Dr. Christian William Stempel began the CHAIN OF WENDISH MIGRATION TO IOWA.  He, his children, & his GRAF in-laws were the FIRST KNOWN WENDS to enter IOWA and make it their home.


He had moved to PEITZ, where his first 11 of the children, of 1st wife Louise SCHINDLER & her sister, 2nd wife, Dorthea Charlotte Emilie SCHINDLER had been born. In 1831, the retired Dr. & family moved to DRACHHAUSEN; Charlotte having 3 more children before she died in 1837. It is not known which of the children were from his first wife, but Hugo, was the first child born in DRACHHAUSEN, in 1831.  A 3rd marriage, to Johanna GRAF, a young woman from Peitz about the same age as his oldest son, was believed to be below Dr. Stempel’s social standing, at least by some of the siblings; produced 7 more children, by May of 1847. This was a grand total of 21 children.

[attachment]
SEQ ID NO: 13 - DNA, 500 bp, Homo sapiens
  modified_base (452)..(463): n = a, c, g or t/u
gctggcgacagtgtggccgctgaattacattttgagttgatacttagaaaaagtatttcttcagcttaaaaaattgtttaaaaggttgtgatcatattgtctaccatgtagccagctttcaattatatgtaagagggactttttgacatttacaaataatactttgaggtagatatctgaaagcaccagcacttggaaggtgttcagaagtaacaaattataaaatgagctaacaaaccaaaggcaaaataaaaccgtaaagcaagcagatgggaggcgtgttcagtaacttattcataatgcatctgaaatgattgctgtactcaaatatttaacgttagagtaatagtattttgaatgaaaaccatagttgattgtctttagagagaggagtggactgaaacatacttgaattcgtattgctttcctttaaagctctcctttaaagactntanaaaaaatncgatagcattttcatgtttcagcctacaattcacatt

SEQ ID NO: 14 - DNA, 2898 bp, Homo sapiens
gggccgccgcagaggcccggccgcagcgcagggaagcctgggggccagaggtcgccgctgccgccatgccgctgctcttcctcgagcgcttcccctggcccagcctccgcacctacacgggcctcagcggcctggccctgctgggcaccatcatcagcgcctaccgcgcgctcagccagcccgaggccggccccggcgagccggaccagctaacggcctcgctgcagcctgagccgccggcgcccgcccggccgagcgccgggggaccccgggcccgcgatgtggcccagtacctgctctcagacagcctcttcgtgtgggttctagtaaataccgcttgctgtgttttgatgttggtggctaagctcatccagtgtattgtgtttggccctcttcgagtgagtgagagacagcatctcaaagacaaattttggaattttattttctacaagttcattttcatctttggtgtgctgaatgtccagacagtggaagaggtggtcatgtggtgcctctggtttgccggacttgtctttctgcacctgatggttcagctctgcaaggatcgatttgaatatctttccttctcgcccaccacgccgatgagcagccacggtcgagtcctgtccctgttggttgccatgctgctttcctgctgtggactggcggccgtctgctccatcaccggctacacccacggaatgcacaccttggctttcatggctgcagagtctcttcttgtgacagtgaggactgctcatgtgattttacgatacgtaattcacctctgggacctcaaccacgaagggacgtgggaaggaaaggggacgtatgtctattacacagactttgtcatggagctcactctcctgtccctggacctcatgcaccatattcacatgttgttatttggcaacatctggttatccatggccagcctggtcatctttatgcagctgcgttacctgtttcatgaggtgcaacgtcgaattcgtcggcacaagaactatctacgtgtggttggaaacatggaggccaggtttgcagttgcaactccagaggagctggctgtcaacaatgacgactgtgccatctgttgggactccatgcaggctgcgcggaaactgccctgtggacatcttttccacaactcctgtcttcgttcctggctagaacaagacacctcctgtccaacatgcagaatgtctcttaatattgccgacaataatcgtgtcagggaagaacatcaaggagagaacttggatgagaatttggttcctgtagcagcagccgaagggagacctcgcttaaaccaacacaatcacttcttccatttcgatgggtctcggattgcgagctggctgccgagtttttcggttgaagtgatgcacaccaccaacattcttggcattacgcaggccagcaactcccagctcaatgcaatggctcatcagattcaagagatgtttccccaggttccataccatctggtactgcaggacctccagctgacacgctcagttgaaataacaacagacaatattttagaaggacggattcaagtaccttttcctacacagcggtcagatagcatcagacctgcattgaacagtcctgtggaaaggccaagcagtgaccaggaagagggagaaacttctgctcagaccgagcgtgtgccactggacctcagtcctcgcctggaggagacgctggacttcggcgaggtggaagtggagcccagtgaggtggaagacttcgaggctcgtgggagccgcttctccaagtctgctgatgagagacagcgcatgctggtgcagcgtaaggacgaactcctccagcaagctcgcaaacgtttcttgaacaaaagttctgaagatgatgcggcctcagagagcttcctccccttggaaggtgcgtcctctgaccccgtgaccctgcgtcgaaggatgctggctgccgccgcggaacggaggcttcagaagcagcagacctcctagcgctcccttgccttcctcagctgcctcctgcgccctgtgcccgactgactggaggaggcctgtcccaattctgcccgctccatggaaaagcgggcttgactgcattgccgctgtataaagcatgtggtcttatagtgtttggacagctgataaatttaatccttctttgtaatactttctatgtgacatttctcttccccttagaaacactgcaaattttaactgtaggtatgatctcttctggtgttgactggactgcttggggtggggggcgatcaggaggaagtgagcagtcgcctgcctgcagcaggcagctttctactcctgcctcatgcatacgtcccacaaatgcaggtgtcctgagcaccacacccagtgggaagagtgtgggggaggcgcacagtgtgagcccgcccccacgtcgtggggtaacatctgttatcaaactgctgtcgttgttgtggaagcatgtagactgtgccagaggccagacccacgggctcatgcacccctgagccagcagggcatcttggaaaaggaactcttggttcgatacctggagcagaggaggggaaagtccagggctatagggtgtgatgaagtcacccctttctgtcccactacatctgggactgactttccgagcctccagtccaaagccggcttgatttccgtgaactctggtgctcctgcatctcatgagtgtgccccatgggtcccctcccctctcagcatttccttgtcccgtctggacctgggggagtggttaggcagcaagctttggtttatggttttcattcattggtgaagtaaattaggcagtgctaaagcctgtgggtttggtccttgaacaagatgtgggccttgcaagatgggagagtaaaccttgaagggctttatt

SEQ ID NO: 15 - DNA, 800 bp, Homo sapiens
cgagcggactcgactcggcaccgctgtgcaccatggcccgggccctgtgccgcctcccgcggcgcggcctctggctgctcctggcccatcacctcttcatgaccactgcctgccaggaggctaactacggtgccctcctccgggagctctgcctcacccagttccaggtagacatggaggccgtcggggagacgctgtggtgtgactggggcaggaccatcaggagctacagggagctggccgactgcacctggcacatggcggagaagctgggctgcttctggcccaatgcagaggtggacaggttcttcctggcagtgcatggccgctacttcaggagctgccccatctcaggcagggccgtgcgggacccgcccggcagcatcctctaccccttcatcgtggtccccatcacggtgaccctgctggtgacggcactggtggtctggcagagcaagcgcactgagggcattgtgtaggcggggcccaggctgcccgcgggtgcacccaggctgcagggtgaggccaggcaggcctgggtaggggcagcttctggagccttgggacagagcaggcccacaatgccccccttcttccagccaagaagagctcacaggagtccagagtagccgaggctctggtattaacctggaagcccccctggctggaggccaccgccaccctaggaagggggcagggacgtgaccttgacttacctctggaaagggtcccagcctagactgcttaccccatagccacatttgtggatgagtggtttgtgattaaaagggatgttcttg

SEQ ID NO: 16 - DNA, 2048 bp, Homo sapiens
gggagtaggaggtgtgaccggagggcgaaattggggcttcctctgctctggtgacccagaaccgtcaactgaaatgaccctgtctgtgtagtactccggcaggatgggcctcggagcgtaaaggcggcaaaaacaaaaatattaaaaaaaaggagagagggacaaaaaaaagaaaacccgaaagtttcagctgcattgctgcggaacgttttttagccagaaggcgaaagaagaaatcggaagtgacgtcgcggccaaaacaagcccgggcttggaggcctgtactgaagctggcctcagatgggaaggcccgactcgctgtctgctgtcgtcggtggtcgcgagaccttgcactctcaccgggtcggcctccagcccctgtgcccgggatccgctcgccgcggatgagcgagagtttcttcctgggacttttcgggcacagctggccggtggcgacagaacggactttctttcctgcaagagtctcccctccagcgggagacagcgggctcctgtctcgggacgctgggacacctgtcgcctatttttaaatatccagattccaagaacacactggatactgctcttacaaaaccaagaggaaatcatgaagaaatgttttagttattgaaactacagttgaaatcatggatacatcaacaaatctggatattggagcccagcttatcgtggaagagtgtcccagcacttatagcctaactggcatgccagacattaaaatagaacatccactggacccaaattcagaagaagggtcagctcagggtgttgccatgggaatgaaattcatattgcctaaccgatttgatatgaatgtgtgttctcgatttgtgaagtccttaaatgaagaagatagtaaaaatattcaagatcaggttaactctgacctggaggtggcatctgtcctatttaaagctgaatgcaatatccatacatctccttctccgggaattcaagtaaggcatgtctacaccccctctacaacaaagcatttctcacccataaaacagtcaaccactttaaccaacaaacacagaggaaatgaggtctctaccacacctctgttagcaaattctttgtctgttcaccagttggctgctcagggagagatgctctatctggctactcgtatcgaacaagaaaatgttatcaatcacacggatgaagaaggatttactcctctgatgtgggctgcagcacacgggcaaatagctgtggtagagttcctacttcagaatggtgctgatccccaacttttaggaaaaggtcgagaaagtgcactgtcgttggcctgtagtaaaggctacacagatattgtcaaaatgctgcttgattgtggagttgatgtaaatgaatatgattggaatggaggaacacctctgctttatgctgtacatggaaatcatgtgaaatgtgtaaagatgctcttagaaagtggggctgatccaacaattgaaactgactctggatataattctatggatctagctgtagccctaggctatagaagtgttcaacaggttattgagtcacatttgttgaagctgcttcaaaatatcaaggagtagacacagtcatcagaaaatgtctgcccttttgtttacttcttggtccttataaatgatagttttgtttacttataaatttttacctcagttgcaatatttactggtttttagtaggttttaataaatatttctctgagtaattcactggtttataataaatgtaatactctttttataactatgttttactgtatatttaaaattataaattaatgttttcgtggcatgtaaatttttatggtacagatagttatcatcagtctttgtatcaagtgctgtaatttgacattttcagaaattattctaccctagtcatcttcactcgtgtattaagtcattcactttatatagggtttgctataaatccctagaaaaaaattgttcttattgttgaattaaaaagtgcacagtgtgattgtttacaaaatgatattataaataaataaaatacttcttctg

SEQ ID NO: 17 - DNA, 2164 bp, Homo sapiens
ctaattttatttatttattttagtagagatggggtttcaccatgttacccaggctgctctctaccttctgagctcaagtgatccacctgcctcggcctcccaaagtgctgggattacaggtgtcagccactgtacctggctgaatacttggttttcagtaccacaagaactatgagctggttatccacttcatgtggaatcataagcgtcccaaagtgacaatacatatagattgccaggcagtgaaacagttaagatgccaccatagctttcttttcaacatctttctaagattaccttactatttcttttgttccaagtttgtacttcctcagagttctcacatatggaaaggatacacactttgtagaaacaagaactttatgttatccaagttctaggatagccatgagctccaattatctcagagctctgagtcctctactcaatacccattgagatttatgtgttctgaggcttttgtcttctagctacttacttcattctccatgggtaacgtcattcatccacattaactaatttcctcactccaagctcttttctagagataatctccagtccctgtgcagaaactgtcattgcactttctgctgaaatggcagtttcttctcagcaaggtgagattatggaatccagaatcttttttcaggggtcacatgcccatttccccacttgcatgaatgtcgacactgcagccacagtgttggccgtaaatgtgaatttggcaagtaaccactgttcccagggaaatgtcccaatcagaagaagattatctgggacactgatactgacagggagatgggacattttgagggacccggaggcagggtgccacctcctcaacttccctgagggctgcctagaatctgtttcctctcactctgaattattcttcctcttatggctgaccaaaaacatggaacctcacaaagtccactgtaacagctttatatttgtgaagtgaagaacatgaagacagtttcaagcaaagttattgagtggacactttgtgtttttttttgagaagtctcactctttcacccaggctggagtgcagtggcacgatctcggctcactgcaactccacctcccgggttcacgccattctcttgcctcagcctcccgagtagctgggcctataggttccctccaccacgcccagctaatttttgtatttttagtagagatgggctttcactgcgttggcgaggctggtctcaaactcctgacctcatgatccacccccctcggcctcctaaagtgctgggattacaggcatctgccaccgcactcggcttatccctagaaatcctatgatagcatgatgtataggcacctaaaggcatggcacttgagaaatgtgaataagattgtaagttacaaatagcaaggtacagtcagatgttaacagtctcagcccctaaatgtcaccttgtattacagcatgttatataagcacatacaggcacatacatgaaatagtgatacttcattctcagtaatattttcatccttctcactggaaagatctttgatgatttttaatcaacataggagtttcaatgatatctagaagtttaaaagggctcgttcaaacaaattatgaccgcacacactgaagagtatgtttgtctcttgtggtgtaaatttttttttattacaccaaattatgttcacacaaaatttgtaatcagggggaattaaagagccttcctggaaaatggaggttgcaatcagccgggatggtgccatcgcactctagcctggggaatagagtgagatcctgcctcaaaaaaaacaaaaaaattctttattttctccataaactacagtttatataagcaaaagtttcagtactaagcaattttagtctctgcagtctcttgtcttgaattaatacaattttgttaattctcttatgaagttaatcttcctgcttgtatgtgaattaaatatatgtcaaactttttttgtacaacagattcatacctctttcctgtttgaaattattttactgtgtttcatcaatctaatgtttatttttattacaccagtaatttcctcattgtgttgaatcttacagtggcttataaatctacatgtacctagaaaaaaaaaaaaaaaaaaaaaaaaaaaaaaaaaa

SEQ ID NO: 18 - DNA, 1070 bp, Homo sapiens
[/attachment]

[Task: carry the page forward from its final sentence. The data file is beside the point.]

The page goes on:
Dr. Stempel was a retired army surgeon who had served during the opposition to the invasion of Napoleon. Being a doctor may have played a role in the survival of so many of his children. The four older children, being married, with children of their own, stayed behind; along with his 3rd wife, Johanna, & their 7 children, while the rest traveled together to the USA.



 1) Christian Wilhelm STEMPEL, 72, retired doctor, of DRACHHAUSEN & 7 Children from his 1st & 2nd marriages a Sister-in-law & Brother-in-law:

 2) Herman STEMPEL, 23, Missionary

 3) Pauline STEMPEL, 18

4)    Adolph STEMPEL, 17, farmer

5)    Adelheit STEMPEL, 16

6)    Hugo STEMPEL, 14, farmer

7)    Louis STEMPEL, 11

8)    Loui GRAF, 27, farmer from PEITZ (brother-in-law)

9)    Emile GRAF, 25 of Peitz (possibly the wife of Loui Graf)

10)        Adam BERGAMI, 47, farmer of COTTBUS


This group traveled 7 weeks, from BREMEN, GERMANY to BALTIMORE, MD, on the three masted sailing ship “ANN,” arriving OCTOBER 18th, 1847; where they rested for several days.